FIG. 5 is a partial cross-sectional view of a joint in a telescoping rod using the present invention.
FIG. 1 is a simplified illustration of a typical golf ball retriever 10 including a telescoping handle 12, a golf ball grasping member 14 and a hand grip 16. The member 14 may be constructed substantially as shown in the aforementioned U.S. Pat. No. 5,266,926. The handle is made up of a plurality of progressively smaller sections A-D, although it will be recognized that the number of sections can be varied as desired, within reasonable size and weight limits, to produce a retriever of different extended lengths. For the size of rod for which the invention is particularly directed, i.e., between about 1/2 inch and 1/4 inch diameter, a typical length is about 8 feet using eight sections of about one foot in length each.
FIG. 2 is a perspective view of one of the sections A-D making up handle 12. The section, identified as 18, is a tube having a uniform inner and outer diameter between a first end 20 and a shoulder 22. At shoulder 22, the tube 18 is necked down to a smaller diameter forming an end portion 24. The axial length 26 of tube 18 may be about 10 inches and the axial length of end portion 24 may be about 1/16 inch. The difference in inside diameter at portion 24 may only be about 10-20 thousandths of an inch, which difference is determined by the thickness of the sleeve 30 illustrated in FIGS. 3 and 4 as will be discussed below.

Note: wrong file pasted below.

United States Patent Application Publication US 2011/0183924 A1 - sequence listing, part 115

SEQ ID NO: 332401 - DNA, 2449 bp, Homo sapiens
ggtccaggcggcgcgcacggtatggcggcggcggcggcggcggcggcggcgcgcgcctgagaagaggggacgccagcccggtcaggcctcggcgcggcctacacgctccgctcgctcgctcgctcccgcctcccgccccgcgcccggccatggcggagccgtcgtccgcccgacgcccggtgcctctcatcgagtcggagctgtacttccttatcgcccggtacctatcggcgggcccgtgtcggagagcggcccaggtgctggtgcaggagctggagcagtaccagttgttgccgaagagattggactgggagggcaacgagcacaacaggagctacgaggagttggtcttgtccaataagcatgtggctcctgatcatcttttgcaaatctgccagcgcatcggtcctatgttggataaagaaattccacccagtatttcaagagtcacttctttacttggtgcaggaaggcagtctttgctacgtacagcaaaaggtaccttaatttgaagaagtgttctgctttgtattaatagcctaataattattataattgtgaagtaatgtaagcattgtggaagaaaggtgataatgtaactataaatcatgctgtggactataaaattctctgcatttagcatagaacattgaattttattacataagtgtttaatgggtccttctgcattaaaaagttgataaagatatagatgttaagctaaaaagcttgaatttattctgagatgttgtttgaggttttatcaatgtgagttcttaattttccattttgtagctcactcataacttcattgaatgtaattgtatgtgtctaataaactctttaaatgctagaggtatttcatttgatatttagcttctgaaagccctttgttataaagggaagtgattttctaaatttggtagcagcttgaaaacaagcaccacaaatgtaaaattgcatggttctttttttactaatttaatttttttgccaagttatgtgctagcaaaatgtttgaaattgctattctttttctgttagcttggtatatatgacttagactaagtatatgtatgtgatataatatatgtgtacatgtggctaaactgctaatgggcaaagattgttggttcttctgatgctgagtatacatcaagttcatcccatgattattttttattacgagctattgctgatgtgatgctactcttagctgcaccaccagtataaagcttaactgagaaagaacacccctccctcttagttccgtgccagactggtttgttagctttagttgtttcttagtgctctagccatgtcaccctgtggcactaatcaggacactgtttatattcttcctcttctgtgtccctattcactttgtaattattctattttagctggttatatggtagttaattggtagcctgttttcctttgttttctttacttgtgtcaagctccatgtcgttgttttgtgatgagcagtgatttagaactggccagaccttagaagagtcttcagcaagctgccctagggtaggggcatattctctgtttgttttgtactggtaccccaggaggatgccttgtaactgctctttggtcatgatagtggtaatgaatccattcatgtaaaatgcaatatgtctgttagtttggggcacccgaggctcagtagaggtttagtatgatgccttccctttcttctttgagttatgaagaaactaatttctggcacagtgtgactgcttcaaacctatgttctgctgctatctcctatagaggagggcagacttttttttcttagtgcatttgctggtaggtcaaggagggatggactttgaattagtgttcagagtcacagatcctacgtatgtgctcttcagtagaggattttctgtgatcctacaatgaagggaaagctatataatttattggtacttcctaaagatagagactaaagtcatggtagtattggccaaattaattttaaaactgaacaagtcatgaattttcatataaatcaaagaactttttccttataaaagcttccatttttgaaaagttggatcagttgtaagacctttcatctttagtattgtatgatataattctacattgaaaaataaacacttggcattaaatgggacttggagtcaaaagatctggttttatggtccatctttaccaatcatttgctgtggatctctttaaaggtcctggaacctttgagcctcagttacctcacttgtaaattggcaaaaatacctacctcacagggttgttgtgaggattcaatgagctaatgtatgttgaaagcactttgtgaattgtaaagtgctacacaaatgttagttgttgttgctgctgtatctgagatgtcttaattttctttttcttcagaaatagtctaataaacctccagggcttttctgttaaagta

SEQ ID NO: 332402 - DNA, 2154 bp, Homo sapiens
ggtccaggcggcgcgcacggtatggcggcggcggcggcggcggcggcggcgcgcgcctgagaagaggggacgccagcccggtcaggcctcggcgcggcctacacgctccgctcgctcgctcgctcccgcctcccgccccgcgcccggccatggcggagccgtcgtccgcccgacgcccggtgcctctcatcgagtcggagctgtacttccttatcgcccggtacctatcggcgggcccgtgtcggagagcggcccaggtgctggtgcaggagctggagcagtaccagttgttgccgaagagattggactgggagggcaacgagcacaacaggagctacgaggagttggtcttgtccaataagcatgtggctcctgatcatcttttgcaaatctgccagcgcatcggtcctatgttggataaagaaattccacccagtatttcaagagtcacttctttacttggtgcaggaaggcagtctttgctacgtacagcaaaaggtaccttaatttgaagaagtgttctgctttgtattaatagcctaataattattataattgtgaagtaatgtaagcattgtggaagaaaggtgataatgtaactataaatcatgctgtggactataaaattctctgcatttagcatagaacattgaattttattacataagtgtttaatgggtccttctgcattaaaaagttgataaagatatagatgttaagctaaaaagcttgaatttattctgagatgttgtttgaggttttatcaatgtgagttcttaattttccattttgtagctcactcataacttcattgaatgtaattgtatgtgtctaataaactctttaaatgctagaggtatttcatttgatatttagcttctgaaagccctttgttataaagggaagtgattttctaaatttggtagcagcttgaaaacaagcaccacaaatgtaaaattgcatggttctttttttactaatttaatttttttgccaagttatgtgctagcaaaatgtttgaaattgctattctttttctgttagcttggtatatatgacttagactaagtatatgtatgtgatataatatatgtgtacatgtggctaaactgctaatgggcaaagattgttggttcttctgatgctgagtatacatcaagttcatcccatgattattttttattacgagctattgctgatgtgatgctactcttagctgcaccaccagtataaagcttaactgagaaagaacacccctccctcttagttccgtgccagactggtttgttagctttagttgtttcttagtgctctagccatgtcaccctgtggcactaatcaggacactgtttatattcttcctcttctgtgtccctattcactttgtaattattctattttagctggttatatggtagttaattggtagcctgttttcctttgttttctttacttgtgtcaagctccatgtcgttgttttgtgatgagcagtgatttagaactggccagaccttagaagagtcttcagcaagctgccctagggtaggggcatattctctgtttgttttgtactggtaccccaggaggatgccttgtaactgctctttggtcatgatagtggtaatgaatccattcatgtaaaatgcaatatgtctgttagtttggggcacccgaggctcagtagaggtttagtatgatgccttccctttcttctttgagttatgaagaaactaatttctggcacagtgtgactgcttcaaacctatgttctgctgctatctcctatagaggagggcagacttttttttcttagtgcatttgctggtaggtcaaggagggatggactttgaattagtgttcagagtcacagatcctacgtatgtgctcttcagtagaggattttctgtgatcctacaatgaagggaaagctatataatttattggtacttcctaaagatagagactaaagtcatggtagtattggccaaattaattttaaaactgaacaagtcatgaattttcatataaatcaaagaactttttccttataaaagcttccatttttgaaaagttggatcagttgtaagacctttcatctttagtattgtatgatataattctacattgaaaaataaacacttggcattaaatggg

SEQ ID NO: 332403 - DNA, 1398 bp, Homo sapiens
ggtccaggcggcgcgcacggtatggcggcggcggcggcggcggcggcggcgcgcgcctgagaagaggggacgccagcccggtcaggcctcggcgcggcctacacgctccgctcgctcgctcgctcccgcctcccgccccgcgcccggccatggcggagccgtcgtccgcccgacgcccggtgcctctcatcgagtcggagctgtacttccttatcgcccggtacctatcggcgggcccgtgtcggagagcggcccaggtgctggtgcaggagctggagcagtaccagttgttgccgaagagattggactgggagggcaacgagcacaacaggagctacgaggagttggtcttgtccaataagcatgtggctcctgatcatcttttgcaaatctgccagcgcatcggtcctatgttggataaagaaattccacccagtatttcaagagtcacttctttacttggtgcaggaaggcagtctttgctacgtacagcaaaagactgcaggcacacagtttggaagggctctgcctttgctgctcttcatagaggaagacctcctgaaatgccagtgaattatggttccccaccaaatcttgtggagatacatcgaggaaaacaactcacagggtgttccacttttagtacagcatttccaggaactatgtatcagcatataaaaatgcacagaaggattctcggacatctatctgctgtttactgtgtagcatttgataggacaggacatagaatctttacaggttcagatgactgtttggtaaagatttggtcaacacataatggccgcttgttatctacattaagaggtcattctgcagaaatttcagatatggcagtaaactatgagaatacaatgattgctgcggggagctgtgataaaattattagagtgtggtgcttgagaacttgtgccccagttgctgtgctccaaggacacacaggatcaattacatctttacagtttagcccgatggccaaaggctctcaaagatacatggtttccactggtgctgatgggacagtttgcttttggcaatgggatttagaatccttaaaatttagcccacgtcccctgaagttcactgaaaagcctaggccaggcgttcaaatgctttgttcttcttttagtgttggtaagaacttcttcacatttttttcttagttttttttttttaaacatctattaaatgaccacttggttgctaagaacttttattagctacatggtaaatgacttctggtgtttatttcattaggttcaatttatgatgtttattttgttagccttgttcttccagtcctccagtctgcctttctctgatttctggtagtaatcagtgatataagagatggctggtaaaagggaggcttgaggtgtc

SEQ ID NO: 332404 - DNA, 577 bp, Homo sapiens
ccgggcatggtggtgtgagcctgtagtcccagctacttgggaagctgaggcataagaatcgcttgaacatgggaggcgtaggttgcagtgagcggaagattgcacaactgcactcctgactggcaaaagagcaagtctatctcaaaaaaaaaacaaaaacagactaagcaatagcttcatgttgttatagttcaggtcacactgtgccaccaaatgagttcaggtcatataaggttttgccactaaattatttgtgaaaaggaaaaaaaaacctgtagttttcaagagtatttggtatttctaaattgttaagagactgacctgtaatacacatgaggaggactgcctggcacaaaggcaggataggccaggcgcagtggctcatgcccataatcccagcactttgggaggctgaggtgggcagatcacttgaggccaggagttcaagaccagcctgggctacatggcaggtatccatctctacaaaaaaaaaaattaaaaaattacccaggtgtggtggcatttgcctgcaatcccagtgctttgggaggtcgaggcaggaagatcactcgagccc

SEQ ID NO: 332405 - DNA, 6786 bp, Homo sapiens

The section 18, assuming to be equivalent to section B of FIG. 1, has an inside diameter sized to accept and pass over the section A and an outside diameter sized to slide into section C. The reduced diameter portion 24 fits snugly on section A without being so tight as to impede sliding motion of section A into section B. To prevent separation of the sections once assembled, the C-clip or sleeve 30 fits tightly about section 18 (different size sleeves 30 are used for each different diameter sections of handle 12) and is retained in place by a bend forming an axially extending raised element 32 which fits into a slot 34 in section 18. The element 32 is actually formed by multiple bends (at least three) in the strip material of sleeve 30 to form an element which protrudes radially inward from an arcuate plane of the sleeve. The phantom lines 36 in FIG. 2 indicate positioning of the sleeve 30 on section 18 with the element 32 fitting in slot 34.